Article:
Tags: 2020 Elections | Donald Trump | Joe Biden | Media Bias | adams | hamilton | jefferson

Trump Can Learn From 1800 to Score 2020 Win

us president donald trump at mount rushmore

U.S. President Donald Trump arrives for Independence Day events at Mount Rushmore National Memorial in Keystone, South Dakota, July 3, 2020. (Saul Loeb/AFP via Getty Images)

By Sunday, 19 July 2020 07:11 AM Current | Bio | Archive

Earlier this week, during a Rose Garden news conference ostensibly to announce measures taken against China, President Trump launched into a one hour free-association exercise in which he laid out the choice before Americans this November.

Given that these kind of presidential talks are normally staid, scripted affairs, Mr. Trump’s usual critics, like CNN’s Jim Acosta, had a field day, suggesting that Trump’s spontaneous outpouring indicated derangement of a kind that meant that his only supporters left were those drinking the Kool Aid or were his next of kin.

As usual, the critics failed to understand the deeper truth in what the president said.

His key assertion, apparently missed by the media, was that there had probably "never been a time when [the presidential] candidates are so different."

Mr. Trump clarified, that Republicans were for "law and order," but Democrats wanted to shift resources away from the police: "We want strong closed borders with people able to come in through merit, through a legal process; they don’t want any borders at all."

The starkness of the choice we face this November is striking, and the difference between the two parties ought to be recognized. Instead of focusing on the president’s unique style, his detractors ought to recognize that he and Mr. Biden are presenting very different visions for America.

Democrats have moved markedly, if not dramatically, to the left of the political spectrum.

They have done so to accommodate the progressives like Sen. Bernie Sanders, I-Vt., and Rep. Alexandria Ocasio-Cortez,  D-N.Y.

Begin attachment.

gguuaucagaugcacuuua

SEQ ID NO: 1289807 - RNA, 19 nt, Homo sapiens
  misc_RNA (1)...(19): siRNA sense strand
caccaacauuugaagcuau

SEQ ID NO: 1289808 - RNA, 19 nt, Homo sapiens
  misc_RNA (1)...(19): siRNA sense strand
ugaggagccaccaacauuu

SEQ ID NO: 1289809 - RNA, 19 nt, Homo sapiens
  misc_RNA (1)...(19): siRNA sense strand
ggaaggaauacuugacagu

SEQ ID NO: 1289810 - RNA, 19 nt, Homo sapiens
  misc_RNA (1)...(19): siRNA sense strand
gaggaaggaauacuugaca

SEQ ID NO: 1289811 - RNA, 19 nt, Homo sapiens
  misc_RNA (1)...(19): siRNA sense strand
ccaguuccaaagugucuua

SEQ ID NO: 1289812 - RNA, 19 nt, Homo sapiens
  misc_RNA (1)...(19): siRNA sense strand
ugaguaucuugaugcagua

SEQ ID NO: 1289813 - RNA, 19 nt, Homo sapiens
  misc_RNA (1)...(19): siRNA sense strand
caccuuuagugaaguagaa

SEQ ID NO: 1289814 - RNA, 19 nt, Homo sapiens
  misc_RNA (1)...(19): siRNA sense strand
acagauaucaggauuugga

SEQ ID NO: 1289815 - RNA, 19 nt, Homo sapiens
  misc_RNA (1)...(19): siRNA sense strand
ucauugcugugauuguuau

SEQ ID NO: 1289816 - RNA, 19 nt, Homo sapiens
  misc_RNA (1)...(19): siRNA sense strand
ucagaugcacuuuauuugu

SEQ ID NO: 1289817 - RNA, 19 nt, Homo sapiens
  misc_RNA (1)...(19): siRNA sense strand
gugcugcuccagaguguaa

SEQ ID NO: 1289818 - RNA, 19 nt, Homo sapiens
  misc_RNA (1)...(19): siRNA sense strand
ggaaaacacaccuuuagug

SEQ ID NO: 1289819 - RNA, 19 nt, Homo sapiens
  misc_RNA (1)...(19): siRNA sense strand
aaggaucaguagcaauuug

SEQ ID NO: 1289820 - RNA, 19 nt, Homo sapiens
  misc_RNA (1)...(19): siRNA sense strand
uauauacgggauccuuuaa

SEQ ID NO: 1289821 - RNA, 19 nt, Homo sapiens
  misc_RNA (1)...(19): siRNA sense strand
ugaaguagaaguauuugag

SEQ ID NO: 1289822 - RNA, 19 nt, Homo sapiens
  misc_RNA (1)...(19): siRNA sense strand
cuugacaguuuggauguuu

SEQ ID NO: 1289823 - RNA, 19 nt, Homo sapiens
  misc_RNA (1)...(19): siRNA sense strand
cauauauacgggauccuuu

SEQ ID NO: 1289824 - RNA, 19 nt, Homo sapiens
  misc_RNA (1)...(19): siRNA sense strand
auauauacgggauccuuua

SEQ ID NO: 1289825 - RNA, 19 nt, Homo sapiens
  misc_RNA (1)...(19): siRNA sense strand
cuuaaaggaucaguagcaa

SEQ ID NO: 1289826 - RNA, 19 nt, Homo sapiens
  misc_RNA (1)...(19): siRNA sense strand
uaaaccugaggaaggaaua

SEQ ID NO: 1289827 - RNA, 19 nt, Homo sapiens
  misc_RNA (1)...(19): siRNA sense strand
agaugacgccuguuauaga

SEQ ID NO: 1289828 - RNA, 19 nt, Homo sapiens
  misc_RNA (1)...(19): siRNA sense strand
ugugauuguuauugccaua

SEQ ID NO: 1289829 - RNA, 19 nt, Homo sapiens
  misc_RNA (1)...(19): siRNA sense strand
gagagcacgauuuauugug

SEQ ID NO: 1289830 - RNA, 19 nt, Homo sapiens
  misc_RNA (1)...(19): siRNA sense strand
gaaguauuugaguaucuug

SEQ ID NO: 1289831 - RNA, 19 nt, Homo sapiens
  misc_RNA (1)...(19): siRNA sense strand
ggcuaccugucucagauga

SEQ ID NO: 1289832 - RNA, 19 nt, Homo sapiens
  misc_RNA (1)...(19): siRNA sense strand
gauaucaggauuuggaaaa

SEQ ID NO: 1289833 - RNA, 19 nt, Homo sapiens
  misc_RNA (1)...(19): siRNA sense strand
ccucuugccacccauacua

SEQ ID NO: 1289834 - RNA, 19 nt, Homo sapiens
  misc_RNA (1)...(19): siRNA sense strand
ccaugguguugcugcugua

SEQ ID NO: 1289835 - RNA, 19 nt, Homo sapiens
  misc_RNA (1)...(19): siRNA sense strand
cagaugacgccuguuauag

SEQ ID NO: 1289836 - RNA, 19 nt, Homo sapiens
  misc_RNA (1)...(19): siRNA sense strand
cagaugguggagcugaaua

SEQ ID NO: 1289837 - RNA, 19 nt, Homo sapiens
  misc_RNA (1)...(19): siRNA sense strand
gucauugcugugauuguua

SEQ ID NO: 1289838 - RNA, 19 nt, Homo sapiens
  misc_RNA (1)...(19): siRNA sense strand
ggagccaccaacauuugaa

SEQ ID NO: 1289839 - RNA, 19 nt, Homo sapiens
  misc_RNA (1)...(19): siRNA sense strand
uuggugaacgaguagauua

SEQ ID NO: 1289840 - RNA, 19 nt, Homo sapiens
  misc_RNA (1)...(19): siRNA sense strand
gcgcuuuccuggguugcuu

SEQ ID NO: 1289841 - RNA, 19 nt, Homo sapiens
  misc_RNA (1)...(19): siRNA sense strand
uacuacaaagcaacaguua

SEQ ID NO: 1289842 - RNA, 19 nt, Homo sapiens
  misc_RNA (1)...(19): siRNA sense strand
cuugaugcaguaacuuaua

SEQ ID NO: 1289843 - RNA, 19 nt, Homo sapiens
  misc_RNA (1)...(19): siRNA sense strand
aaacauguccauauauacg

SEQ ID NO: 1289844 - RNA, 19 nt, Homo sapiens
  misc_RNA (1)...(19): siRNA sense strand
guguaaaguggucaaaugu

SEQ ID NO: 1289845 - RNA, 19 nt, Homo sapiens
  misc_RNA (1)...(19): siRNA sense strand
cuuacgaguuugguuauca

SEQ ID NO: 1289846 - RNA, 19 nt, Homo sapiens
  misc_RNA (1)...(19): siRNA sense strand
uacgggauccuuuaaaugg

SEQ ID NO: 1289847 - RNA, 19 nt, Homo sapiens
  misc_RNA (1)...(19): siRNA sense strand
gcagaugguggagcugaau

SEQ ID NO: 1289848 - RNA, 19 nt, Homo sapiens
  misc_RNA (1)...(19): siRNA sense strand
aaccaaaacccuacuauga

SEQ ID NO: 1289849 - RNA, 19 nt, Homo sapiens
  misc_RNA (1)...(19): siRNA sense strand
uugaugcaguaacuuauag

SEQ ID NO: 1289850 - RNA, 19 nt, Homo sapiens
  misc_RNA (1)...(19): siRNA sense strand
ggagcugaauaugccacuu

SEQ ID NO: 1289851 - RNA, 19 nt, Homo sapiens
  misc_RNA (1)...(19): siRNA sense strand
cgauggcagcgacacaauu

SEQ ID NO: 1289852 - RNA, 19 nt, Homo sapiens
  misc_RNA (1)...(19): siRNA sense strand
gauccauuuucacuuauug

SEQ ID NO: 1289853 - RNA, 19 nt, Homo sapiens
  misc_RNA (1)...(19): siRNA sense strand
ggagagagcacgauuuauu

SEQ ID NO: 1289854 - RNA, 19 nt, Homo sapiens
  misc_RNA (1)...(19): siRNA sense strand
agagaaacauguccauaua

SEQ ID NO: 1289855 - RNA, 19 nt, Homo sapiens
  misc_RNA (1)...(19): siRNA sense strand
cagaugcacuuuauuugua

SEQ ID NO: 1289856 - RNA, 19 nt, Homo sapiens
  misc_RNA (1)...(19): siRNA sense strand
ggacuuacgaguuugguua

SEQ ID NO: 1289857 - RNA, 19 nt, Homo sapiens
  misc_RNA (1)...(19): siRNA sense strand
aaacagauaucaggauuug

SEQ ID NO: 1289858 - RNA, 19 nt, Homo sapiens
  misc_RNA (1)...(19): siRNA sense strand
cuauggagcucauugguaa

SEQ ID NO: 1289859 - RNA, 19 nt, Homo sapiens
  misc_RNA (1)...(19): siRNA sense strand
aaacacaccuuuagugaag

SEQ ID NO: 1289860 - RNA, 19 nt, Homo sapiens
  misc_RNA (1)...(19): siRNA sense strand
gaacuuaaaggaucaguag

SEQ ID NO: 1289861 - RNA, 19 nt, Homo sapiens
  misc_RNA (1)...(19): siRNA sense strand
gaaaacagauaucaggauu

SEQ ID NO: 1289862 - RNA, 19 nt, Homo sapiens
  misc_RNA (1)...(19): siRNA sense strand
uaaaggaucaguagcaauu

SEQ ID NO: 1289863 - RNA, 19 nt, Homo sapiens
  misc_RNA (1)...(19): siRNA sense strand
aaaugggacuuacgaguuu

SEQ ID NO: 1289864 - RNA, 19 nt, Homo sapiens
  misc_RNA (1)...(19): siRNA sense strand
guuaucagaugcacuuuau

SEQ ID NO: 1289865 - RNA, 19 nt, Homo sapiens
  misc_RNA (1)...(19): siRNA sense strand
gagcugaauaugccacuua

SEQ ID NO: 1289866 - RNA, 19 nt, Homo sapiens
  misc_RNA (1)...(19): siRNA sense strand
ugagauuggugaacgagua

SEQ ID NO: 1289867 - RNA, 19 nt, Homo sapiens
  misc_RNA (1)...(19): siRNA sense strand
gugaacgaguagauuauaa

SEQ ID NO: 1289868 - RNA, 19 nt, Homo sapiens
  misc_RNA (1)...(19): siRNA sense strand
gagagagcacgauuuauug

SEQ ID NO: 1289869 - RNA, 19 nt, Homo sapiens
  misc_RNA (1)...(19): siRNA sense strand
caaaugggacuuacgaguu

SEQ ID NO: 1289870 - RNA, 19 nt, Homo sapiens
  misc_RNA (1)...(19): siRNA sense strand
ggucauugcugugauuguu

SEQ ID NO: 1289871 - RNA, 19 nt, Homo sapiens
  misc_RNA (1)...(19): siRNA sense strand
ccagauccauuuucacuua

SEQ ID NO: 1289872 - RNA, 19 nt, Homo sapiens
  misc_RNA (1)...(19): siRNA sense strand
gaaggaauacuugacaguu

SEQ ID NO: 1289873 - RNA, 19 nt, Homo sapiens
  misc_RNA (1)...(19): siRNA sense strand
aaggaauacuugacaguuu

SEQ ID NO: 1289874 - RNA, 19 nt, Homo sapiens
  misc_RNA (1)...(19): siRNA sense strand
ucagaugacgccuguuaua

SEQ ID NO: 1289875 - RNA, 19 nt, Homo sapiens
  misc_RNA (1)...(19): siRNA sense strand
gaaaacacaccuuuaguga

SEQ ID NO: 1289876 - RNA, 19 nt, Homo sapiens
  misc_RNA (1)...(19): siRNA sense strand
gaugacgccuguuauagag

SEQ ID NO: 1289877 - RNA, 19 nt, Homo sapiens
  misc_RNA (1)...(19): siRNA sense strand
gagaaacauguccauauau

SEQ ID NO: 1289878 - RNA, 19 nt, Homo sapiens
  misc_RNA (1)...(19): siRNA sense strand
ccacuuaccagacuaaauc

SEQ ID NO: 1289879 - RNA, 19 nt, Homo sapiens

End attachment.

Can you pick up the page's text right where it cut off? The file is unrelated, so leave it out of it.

Both clearly favor increasing the power of the federal government, higher taxes, reparations, globalization, redistribution, and, in general, a restructuring of our culture and institutions toward something going beyond even a European welfare state with a single-payer healthcare system, and perhaps even guaranteed income.

Mr. Trump’s Republican Party, by contrast, favors decentralized authority, reduced regulation, lower taxes, competition for healthcare, and foreign and trade policies focused first on American, rather than global concerns.

Republicans want to encourage the development of American industry and manufacturing, while Democrats want to reduce America’s carbon footprint, and perhaps institute Ms. Ocasio-Cortez's touted Green New Deal.

Mr. Trump has made clear in his speeches, such as the one he gave at Mount Rushmore on July 3, that his approach is to preserve continuity with the past, to encourage piety and patriotism. The approach of the Democrats seems more inclined to remove religion from the public square and to place their faith instead in narrow bureaucratic, technocratic expertise.

It's something of a mystery why it is so difficult for Mr. Trump’s opponents to acknowledge the validity and the range of the programs he limns (and there are many more than alluded to here), but perhaps this has always been a feature of our politics, that personality often obscures policy.